2012: Your human rights year in pictures
What a year 2012 has been. We've seen astounding courage from peaceful protesters in Syria and from individuals like Malala Yousufzai, continuing to call for education for girls despite the dangers. We've seen a punk band stand up to the full might of Putin's Russia, and a blind human rights lawyer perform a daring escape from house arrest in China. We all watched with dismay as the first ever global Arms Trade Treaty was almost in our grasp, only to be snatched away at the last-minute.
And through all of this, you've been there, in your thousands, helping us pressure governments, showing solidarity with prisoners of conscience, and raising money to help us do our work. Quite simply, we can't do it without you.
So here are some of the highlights of your year in human rights. And here's to 2013 - let's hope you can acheive even more. Not least finally getting that Arms Trade Treaty.
There are over 100 Amnesty student groups across the UK and thousands of students working with us to stand up for human rights. Their creativity and committment to the cause is astounding! This is Edinburgh University marking 10 years of Guantanamo Bay in January. They were one of many groups who helped gather over 35,000 signatures for our petition reminding Obama of his promise to close the base.
Our supporters are amazing when they come together to support a cause. These are just some of the 3,000 of you who braved the cold to mark a year since peaceful protests in Egypt brought the resignation of Hosni Mubarak. Together we showed our support to those still protesting in Egypt, Tunisia, Syria, Libya and elsewhere.
We've given a shout out to our amazing student groups, and here's one of the 530 equally fantastic Youth Groups celebrating International Women's Day by putting pressure on the Saudi government to allow women to drive.
In April hundreds of Amnesty members from around the country came together in Manchester for our Annual General Meeting and you called for the release of Abdulhadi al-Khawaja and other prisoners of conscience in Bahrain. At this point, al-Khawaja was close to death having been on hunger strike for nearly three months.
Defending human rights? Piece of cake! Across 2012 hundreds of you held an AmnesTea to raise money to support our work - this amazing six-tier candle cake was the work of pupils at Royal Grammar School Newcastle.
Chinese human rights lawyer Chen Guangcheng scaled a wall to escape his illegal house arrest. As he waited in the American Embassy in Beijing awaiting his fate, we headed to the Chinese Embassy in London to demand his freedom. Thousands of you did the same onlline, and left voice messages of support.
We made sure the Chinese authorities knew that the world is watching, and Chen was granted permission to travel. He is now living in New York with his family, and sent a personal message to thank you for all of your support.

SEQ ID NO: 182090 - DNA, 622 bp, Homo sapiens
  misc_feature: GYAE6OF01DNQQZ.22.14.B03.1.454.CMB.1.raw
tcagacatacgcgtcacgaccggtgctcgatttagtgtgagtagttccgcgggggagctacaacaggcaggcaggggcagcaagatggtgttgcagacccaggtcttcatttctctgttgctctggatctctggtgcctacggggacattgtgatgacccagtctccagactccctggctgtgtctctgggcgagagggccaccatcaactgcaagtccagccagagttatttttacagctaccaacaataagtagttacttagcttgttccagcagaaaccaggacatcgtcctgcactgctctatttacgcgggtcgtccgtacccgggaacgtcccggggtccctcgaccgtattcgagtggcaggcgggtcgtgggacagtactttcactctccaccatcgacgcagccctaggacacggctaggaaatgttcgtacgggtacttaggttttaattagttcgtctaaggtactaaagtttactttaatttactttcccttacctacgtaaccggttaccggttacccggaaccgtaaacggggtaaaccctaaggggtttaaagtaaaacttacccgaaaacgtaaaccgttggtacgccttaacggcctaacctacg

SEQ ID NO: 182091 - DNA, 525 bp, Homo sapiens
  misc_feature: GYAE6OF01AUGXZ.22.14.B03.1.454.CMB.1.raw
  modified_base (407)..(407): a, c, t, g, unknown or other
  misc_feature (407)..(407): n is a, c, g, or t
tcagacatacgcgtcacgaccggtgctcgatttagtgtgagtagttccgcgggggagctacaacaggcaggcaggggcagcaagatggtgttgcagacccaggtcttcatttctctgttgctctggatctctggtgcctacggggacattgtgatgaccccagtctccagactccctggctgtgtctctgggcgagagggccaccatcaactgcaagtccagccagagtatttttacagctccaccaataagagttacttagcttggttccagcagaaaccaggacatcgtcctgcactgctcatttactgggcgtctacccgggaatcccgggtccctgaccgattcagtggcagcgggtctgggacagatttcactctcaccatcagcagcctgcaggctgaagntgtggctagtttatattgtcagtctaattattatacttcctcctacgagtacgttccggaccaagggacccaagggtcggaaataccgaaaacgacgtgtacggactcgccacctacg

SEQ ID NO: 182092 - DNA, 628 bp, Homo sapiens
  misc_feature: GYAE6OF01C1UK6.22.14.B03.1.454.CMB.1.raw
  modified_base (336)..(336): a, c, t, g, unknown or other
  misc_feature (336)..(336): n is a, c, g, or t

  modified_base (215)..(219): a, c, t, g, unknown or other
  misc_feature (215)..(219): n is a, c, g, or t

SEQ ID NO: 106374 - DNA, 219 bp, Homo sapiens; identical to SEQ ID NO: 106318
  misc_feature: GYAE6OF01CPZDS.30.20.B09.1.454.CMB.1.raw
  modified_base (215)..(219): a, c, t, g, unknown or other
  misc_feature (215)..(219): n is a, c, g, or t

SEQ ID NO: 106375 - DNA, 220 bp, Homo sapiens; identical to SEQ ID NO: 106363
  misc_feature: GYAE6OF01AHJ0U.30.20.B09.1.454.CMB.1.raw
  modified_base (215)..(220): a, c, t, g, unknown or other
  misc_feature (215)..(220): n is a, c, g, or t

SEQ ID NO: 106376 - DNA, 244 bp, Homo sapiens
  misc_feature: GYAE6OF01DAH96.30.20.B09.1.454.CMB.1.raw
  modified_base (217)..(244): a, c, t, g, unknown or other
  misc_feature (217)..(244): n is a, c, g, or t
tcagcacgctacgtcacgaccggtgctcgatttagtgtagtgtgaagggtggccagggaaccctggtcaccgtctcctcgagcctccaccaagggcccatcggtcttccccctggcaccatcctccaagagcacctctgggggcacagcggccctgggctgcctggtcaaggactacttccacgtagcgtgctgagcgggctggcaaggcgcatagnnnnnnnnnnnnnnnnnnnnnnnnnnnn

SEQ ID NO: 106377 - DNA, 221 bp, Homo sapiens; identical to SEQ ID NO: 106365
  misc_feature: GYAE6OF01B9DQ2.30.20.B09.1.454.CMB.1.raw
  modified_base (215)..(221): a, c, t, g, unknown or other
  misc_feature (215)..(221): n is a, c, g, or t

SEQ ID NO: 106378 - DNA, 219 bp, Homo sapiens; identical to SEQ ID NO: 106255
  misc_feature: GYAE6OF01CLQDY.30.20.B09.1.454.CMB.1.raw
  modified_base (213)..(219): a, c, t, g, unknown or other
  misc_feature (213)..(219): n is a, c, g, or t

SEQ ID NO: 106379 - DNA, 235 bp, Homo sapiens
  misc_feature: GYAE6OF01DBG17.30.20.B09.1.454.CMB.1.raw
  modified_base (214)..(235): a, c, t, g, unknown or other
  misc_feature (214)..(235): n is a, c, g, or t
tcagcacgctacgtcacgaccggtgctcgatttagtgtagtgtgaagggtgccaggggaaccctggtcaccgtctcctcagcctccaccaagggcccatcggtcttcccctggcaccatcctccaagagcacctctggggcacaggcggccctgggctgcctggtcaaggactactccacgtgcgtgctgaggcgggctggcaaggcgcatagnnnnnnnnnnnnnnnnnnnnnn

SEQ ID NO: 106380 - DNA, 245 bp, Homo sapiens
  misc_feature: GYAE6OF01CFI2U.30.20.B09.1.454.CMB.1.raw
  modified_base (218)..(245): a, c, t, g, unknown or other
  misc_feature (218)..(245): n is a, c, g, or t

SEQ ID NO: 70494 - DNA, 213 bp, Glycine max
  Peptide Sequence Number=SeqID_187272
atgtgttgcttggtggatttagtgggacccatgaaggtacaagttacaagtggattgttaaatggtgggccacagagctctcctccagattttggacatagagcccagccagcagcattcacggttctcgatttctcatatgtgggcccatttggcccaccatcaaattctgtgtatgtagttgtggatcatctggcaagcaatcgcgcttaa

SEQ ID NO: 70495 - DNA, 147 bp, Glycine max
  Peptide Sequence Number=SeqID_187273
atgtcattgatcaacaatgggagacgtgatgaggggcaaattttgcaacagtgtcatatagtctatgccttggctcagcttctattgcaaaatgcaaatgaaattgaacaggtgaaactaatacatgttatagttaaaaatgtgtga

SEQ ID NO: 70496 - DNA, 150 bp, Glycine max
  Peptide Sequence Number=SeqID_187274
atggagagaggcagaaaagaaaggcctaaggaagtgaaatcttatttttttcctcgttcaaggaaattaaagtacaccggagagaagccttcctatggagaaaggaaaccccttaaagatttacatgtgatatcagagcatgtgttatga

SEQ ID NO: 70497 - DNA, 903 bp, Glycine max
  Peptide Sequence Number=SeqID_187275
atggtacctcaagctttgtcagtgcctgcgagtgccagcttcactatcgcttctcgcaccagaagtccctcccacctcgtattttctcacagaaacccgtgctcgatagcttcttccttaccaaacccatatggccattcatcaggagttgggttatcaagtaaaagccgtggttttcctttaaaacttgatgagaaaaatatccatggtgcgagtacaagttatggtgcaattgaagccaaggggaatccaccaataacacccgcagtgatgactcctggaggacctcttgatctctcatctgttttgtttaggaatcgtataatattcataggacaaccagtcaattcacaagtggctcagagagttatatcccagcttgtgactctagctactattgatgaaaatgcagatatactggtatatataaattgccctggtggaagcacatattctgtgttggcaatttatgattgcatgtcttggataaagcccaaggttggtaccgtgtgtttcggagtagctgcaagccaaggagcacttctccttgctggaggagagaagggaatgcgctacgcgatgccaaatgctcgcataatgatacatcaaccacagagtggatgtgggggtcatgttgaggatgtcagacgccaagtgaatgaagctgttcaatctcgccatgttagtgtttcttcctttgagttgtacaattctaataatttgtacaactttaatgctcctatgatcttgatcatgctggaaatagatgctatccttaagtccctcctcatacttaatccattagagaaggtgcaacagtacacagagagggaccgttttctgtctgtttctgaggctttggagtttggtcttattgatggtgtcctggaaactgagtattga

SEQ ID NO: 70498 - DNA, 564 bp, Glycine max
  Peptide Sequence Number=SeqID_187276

We've mentioned our student and youth groups but we're yet to say a big thank you to all of our incredibly dedicated local groups. Here's the Manchester group staging a 'die-in' to stop shoppers in their tracks and raise awareness of the millions of lives lost each year as a result of the irresponsible arms trade. As groups across the country did the same, we sent a strong message: the world needs a robust Arms Trade Treaty!
Across the UK you came together, writing to your MPs and the party leaders to demand the UK Government did us proud in the negotiations for the world's first ever Arms TradeTreaty. In case it wasn't enough, we took to the streets with Oxfam. In a tank. We turned heads and stopped traffic but most importantly we sent a message to key governments to stand strong at the negotiations and support a strong Arms Trade Treaty.
As the negotiations drew to a close at the end of June we might not have acheived the Treaty, but thanks to you the UK government did us proud. And they were influential in ensuring it was top of the agenda at the UN General Assembly in October - securing a final series of negotiations next March, when we are confident we can finally get the Arms Trade Treaty we've all worked so hard for.
Amnesty activists in Bern, Switzerland gave Aung San Suu Kyi a special welcome as she arrived for her first visits to Europe in decades.
So many of you sent messages demanding that the Russian authorities release Pussy Riot that the prosecutors turned off their fax machines! So we went to the embassy in person to deliver your messages. Without your appeals, the band members would almost certainly have been given far harsher sentences.
When Malala Yousufzai was shot by the Taliban because she dared to speak out for her right to an education, your response was unprecedented. Over 5,000 of you sent messages of support in just a few days, including these pupils at Amesbury School!
This wonderful band of volunteer translators used Human Rights Day to turn your texts of support into postcards in Russian for photojournalist Mehman Huseynov, at risk of 5 years in jail for trumped-up charges. He posted a thank you message on facebook the same day, moved by your support.
Here are just some of the runners who helped cap off an amazing year by braving the cold, donning Santa suits and raising money for human rights! Between them, they're on track to raise over £20,000 for our work.
A huge thank you to all of you who have helped make 2012 such a great year, and for proving that when we get together we can achieve amazing things!
A bigger, better 2013
We hope 2013 will be even bigger and better. Helping human rights defenders on the ground in Afghanistan is big on our agenda next year, and we hope this short video from our Student Conference 2012 inspires you to get ready to help!
Our blogs are written by Amnesty International staff, volunteers and other interested individuals, to encourage debate around human rights issues. They do not necessarily represent the views of Amnesty International.